Thousands of Iraqis, including senior politicians, attended the funeral of a top Iranian general and Iraqi militiamen in Baghdad on Saturday, following a U.S. airstrike that sharply escalated tensions across the region.
The attack near Baghdad airport killed Qassem Soleimani, the commander of Iran’s elite Quds Force, and Abu Mahdi al-Mohandes, the deputy head of Iraq’s Muslim Shiite militia Hashd al-Shaabi, along with six other Iran-allied militiamen.
On Saturday, the bodies of those killed in the strike were carried inside caskets onto military vehicles in a funeral procession led by Iraqi militiamen holding the Iraqi flag and banners of militias backed by Iran.
Iraq’s caretaker prime minister, Adel Abdel-Mahdi, and Hadi al-Amiri, a senior leader in Hashd al-Shaabi, were in attendance.
Angry mourners chanted anti-U.S. slogans such as “Death to America!” and called for revenge.
Others raised placards reading: “We all are Soleimani and al-Mohandes.”
Iraqi army helicopters flew overhead as part of tight security. Authorities had deployed hundreds of security personnel and closed main streets in the capital for the funeral, witnesses said.
The bodies are to be flown later Saturday to the holy Shiite provinces of Karbala and Najaf in southern Iraq for similar funeral processions, according to Iraqi media.
Afterwards, the slain Iraqi militiamen are to be buried in a major Shiite cemetery in Najaf, while the body of Soleimani will be flown to Iran for burial in his hometown, the reports said.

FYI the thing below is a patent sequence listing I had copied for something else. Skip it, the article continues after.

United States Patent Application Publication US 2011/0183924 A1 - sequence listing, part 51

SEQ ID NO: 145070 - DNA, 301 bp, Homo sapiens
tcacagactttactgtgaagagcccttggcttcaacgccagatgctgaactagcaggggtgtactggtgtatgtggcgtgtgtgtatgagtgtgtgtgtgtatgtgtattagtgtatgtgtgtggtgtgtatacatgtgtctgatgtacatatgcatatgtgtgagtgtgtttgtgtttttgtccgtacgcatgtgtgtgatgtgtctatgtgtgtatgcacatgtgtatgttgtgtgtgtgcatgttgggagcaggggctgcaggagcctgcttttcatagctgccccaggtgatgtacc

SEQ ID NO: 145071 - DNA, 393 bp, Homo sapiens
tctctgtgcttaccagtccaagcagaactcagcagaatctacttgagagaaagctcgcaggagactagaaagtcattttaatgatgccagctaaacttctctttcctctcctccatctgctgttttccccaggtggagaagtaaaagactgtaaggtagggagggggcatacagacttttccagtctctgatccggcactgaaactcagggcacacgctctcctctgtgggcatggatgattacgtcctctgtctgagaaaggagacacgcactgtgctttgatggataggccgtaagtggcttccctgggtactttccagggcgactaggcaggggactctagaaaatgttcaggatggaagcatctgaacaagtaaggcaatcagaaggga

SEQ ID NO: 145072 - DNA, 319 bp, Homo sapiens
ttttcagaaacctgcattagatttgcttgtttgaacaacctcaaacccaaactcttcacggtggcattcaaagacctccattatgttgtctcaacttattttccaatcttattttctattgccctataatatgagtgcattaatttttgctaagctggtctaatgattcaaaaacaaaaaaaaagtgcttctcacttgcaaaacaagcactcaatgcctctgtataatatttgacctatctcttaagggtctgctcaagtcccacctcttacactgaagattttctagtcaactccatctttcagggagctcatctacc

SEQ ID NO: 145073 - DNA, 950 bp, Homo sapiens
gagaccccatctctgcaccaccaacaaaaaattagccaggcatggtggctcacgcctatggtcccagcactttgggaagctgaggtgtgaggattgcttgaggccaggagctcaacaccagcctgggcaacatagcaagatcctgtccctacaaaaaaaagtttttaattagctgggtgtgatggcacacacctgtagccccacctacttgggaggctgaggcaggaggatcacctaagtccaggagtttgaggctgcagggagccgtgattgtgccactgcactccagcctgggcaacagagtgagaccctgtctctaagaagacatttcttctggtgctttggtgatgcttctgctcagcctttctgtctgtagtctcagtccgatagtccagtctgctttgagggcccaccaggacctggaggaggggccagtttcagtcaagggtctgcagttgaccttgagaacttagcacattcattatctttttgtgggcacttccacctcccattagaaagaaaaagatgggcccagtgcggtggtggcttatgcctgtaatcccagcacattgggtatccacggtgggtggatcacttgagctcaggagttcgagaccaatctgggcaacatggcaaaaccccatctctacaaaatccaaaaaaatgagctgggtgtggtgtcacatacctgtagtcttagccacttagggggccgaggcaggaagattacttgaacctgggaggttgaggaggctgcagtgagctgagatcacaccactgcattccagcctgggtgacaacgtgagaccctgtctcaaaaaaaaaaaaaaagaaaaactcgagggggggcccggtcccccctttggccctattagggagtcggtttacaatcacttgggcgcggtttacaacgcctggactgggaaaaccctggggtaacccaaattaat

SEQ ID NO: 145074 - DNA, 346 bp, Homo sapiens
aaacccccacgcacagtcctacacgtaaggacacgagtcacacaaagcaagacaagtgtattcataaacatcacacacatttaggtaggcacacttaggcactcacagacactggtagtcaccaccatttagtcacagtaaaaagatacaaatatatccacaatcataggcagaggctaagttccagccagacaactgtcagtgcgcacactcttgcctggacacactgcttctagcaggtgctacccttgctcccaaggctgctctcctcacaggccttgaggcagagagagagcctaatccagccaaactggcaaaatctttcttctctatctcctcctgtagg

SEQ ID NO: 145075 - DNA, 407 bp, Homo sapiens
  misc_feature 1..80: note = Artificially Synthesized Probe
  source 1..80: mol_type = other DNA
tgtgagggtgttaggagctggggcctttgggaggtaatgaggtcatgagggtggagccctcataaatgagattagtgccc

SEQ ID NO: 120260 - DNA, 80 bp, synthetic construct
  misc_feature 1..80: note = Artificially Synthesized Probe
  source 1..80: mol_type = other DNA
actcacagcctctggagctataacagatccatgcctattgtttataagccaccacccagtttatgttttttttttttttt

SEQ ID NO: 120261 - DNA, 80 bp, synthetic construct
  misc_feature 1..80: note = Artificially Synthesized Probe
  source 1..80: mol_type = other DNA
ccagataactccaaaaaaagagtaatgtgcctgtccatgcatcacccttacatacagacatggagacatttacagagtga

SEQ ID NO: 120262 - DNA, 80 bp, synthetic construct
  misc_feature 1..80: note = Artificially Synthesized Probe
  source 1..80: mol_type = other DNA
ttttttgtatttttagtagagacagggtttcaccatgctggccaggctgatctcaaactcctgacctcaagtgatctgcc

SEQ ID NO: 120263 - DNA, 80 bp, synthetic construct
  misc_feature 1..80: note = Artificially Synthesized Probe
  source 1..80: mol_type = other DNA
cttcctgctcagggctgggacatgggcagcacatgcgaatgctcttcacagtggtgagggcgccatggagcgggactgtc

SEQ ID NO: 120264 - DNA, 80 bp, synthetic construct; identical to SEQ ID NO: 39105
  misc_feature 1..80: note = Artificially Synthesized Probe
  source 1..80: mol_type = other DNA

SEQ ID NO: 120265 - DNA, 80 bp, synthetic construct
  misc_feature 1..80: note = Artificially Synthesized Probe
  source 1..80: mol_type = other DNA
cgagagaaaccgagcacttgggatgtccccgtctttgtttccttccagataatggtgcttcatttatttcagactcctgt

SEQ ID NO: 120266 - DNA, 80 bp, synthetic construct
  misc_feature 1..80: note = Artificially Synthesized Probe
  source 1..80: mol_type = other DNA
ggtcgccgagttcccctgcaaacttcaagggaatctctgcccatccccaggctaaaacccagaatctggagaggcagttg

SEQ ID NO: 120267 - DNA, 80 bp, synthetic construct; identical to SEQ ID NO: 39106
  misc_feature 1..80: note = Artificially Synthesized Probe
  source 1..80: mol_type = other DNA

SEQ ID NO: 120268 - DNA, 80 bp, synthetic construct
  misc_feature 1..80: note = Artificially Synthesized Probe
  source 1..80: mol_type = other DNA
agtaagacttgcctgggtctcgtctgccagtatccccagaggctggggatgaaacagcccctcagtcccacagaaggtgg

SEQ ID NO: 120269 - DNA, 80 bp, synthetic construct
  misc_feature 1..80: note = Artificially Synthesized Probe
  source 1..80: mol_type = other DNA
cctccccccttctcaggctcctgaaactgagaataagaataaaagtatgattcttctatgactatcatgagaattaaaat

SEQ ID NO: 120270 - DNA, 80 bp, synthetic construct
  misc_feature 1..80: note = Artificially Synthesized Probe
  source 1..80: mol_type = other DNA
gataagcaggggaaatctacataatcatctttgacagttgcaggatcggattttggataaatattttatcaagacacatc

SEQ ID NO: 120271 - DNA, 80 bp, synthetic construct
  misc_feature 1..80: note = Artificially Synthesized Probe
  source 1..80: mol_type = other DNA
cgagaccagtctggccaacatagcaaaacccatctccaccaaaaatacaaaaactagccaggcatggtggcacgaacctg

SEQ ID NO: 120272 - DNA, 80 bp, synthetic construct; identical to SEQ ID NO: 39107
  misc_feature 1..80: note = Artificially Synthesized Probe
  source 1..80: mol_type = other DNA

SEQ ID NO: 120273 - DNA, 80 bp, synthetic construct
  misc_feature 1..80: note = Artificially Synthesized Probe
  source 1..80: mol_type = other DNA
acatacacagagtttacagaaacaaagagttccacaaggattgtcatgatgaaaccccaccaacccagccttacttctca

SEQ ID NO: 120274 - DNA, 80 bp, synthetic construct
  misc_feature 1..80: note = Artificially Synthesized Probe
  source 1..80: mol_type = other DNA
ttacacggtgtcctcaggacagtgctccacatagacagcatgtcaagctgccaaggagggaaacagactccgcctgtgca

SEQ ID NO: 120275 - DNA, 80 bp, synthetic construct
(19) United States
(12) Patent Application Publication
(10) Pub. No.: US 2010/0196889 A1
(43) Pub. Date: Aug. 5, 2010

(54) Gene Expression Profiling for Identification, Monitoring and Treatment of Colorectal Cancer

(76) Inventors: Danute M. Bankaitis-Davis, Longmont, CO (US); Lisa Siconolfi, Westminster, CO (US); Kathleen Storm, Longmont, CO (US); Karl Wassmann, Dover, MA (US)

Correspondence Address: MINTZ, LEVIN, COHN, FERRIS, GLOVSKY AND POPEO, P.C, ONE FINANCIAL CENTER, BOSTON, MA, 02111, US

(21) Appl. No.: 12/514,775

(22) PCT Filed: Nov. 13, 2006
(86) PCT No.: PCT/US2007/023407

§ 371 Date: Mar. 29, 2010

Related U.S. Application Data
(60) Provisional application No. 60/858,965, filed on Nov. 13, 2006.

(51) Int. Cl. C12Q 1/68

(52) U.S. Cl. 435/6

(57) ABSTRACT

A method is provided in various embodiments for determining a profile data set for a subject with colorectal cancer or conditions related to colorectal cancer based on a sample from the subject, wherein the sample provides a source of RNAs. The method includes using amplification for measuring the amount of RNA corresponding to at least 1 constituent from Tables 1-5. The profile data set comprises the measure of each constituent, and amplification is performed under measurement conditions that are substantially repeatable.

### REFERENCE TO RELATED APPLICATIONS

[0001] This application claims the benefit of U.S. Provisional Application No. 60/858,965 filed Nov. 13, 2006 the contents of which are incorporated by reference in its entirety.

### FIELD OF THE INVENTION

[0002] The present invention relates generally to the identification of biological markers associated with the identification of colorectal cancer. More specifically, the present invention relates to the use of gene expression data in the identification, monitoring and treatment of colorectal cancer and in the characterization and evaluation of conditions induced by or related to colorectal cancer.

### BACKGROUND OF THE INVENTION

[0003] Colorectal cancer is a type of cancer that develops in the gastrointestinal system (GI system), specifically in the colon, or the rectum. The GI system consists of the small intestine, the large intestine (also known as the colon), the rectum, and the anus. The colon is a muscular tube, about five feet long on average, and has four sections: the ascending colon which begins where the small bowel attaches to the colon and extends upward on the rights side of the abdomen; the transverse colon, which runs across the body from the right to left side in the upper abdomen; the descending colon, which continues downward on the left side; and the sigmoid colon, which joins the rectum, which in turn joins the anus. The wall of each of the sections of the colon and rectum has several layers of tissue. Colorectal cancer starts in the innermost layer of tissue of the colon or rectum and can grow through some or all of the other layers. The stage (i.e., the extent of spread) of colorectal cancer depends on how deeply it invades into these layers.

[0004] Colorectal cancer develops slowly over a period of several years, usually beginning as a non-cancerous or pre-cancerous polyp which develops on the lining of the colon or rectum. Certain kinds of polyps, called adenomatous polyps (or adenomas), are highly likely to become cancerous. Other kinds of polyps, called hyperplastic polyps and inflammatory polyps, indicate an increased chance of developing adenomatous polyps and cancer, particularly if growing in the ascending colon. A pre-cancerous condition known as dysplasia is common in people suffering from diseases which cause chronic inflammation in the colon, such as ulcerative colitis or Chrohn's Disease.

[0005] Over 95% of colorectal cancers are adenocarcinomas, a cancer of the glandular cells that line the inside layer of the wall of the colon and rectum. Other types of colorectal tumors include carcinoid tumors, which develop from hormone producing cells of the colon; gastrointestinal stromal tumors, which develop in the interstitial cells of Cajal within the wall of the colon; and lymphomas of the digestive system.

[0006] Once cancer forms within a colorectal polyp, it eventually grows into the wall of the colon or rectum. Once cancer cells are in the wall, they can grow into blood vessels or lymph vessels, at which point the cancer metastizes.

Soleimani was considered one of Iran’s most influential military leaders, wielding influence in Iraq, Syria, and other parts of the Middle East where Iran has a foothold.
Iran’s Supreme Leader, Ayatollah Ali Khamenei, has threatened the U.S. with “harsh retaliation” for his killing, while U.S. President, Donald Trump, defended his decision to order the deadly strike by saying he had taken action “to stop a war.”
Iraqi President, Barhan Salih, on Saturday, called for regional and international cooperation to defuse tensions, state news agency INA said.
He made his appeal during a phone conversation with Turkish President Recep Tayyip Erdogan.
The U.S., nonetheless, braced for retaliation, as Washington called on American citizens to depart Iraq “immediately.”
On Saturday, Britain also warned its citizens against travel to Iraq or Iran.
Tensions between Washington and Tehran have escalated since Trump withdrew from the Iran nuclear deal in 2018 and reinstated U.S. sanctions in what his administration calls a “maximum pressure campaign. (dpa/NAN)